For the past year, an incredible commodities mania has swept financial markets. It was led off by the post-COVID recovery which juiced goods demand but limited some supply-side responses.
It then morphed into a narrative of ESG constraints on mining expansions being structural just as enormous demand loomed for the great decarbonisation push.
Then, surging commodity prices themselves helped trigger an inflation panic that Wall Street packaged up as a foolproof argument for buying more commodities.
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We then had the Ukraine war which knocked out a bunch of commodity production from Ukraine and Russia.
This has led to a self-reinforcing bid for every kind of dirt on earth.
The great conductor of the mania was Goldman Sachs, which used the fact that inventories were suddenly declining in all commodities (owing to hoarding by traders) to argue we faced a “molecule” shortage.
The crescendo of the craze was delivered by Credit Suisse’s Zoltan Poszar who argued that commodities were about to displace the US dollar as the global reserve currency as they increasingly underpinned the Chinese yuan.
This craze became so intense that a building recession in China itself – which consumes half and more of most commodity imports – was ignored.
Like all bubbles, there are kernels of truth in these arguments:
- Supply was hurt by COVID.
- ESG has played a role in coal production.
- Commodities are a good inflation hedge.
- Commodity inventories are low.
- The US dollar is everybody’s problem.
However, there are solutions to all as well:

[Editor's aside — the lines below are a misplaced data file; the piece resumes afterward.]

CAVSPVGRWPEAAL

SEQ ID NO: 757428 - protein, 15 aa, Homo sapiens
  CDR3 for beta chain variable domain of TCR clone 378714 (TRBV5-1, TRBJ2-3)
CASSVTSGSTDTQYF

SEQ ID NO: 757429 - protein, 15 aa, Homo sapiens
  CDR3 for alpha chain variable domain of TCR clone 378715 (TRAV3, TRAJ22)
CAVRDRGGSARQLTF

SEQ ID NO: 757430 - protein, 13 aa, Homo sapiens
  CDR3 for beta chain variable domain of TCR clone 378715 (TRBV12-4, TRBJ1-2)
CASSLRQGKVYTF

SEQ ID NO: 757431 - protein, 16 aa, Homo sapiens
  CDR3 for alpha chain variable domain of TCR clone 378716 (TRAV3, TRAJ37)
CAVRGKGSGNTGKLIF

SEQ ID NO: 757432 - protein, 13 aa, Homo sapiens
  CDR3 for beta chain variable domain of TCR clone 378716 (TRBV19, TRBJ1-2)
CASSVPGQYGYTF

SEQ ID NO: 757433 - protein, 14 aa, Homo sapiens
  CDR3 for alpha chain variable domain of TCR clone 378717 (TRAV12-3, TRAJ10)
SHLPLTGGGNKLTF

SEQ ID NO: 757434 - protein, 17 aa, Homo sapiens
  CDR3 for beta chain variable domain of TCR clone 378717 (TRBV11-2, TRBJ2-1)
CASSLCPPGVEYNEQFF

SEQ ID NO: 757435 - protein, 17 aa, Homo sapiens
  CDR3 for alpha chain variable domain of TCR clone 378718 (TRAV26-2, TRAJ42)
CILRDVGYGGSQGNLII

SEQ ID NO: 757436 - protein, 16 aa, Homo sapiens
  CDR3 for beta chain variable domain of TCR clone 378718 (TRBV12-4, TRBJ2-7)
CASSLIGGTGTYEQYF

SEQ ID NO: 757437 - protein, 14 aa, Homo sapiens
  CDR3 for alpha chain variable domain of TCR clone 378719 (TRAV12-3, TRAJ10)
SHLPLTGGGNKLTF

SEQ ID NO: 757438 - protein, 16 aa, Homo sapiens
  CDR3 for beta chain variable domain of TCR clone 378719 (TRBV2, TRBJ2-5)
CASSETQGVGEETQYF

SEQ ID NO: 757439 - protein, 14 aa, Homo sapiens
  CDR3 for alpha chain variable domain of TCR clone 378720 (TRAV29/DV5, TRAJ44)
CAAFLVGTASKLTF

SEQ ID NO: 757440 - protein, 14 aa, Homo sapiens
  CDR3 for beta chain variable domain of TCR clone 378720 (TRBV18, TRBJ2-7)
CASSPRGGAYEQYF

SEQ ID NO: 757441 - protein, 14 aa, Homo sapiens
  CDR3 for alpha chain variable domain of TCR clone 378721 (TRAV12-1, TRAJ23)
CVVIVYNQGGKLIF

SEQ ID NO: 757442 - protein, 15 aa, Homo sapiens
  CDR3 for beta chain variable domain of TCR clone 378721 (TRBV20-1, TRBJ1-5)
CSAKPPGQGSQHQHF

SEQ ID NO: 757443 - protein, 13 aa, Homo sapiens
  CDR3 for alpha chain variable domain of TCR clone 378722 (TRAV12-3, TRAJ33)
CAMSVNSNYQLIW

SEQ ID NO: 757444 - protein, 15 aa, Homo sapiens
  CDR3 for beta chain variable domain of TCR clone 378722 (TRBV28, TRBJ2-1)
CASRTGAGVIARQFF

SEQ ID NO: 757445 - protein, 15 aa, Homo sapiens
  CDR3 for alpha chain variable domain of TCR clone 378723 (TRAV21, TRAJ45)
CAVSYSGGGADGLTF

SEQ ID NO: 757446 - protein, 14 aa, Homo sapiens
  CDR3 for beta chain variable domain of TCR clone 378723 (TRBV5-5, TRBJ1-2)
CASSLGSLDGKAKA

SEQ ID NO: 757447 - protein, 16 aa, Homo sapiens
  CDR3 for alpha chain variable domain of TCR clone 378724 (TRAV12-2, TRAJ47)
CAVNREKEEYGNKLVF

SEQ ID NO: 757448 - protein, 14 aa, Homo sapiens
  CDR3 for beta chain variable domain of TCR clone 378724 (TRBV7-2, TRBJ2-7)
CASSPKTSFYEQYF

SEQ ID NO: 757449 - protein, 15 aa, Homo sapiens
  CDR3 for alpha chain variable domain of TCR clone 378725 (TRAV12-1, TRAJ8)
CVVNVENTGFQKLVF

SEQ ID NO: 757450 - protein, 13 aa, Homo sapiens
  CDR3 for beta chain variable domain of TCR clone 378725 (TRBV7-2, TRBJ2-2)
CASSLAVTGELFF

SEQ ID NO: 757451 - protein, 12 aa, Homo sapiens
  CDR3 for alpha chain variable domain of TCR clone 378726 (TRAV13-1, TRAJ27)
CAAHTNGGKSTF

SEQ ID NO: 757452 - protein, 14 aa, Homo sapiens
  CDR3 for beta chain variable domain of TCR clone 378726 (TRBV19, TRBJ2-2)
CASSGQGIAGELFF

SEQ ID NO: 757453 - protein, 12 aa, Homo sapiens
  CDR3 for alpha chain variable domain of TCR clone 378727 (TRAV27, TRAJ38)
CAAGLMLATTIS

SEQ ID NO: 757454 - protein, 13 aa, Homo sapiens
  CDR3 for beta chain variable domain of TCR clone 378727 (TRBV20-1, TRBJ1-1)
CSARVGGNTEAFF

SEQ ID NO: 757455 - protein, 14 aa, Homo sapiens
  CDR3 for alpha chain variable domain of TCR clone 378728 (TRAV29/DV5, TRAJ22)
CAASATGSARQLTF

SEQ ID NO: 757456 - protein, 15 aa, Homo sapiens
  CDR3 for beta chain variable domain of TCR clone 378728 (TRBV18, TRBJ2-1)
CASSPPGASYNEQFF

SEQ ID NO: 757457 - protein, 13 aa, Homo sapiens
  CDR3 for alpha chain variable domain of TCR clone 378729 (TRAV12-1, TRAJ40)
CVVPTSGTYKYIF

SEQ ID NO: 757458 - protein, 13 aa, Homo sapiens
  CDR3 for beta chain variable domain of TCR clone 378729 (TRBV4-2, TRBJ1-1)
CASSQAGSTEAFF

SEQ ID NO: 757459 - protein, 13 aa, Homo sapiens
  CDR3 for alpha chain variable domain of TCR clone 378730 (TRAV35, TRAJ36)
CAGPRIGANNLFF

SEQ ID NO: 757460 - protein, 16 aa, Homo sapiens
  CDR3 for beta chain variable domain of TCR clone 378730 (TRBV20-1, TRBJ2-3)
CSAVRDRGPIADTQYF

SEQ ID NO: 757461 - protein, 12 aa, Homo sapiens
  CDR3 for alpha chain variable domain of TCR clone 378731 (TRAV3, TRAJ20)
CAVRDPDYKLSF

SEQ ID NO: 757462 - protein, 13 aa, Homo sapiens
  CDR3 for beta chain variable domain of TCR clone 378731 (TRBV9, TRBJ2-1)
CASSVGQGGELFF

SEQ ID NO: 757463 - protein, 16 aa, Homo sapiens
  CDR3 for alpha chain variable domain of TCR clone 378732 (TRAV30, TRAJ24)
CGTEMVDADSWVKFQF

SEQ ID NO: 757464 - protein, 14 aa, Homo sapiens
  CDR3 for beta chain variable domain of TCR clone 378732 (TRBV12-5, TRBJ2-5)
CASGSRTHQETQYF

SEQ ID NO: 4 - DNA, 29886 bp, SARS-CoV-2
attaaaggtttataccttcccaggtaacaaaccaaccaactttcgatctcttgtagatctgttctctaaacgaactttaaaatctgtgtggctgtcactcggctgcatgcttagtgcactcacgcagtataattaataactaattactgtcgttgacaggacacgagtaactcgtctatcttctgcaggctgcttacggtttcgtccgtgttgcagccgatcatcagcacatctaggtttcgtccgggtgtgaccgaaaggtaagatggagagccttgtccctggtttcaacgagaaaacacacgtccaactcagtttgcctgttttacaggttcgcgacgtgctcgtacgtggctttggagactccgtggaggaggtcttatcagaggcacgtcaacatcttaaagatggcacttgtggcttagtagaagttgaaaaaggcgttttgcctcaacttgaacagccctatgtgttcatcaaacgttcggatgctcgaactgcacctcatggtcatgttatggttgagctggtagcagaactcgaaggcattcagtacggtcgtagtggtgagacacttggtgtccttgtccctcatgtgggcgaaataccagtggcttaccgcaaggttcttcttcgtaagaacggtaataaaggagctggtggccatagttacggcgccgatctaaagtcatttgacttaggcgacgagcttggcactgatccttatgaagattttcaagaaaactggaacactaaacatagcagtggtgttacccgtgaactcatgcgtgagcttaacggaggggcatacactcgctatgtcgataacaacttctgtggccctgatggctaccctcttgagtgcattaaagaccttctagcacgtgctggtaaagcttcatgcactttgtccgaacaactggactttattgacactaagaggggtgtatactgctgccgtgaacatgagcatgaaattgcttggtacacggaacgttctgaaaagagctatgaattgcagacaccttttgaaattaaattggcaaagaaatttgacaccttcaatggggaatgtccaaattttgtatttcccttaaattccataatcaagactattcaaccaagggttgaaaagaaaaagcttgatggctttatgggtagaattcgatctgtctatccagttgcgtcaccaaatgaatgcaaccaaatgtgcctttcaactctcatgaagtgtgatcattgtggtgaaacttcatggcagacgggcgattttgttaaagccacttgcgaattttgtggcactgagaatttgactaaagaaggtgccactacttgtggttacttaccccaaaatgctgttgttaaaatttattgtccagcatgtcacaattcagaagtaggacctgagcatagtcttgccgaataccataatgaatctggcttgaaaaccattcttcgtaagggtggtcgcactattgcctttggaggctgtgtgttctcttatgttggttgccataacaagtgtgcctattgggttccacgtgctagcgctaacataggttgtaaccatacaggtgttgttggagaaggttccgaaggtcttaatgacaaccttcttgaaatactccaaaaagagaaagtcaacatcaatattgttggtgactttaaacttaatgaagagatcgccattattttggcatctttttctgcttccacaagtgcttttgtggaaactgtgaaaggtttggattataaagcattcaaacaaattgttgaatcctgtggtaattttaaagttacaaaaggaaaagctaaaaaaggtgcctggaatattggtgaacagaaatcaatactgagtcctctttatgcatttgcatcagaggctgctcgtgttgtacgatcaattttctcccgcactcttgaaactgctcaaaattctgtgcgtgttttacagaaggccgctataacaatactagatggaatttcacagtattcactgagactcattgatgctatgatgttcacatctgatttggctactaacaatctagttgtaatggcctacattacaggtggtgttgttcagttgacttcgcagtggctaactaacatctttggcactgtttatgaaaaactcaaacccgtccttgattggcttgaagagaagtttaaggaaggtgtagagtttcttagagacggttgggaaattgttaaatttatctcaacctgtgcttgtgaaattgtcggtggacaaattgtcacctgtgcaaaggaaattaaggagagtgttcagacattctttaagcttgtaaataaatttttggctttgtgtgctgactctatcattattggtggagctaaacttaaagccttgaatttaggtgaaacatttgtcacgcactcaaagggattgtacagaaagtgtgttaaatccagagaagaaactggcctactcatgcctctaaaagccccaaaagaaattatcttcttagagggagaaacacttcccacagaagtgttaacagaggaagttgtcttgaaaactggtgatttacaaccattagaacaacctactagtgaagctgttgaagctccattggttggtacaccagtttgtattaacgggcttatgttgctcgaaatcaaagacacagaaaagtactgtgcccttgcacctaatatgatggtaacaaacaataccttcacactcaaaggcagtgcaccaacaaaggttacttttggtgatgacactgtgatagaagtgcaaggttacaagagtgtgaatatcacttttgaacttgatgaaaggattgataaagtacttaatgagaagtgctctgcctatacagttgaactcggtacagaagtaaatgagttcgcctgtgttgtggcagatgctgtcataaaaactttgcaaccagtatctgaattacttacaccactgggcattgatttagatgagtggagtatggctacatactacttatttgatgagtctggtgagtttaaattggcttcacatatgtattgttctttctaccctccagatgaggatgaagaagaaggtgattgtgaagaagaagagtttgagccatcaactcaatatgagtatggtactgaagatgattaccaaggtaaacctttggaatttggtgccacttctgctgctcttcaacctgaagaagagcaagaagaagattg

- High commodity prices fix high commodity prices.
- New energy commodities are by and large not needed in large volumes thanks to recycling boosts for cars and other things.
- Commodities are a good inflation hedge, right up until the moment that they collapse with deflation.
- Commodity inventories are artificially low owing to hoarding and then burst into surplus when the crash comes and traders puke.
- Commodities themselves are so volatile and pro-cyclical that making them a new reserve currency underpinning CNY will turn it into an economic wrecking ball for China.
- Not to mention that the Fed has openly declared that it is going to use interest rates to fit demand down to supply come hell or high water. An intensely US dollar bullish argument.
The problem is that commodities are commodities. They are not rare. They are easy and cheap to produce. And they are easy and cheap to recycle.
This is why commodity booms always exhibit the same inverted swoosh shape. They go up the escalator as everybody is slowly drawn into owning them. Then they go down in the lift because eventually, the price signal that sends leads to a lot more commodities.
This is exacerbated by the very inflation dynamic that is triggered as a result.
In short, what Goldman and Zoltan never told you is that commodities are the most violently volatile asset class on earth and a crash when it comes can wipe up years of steady gains in a few short days.
It is my view that that is where we are today.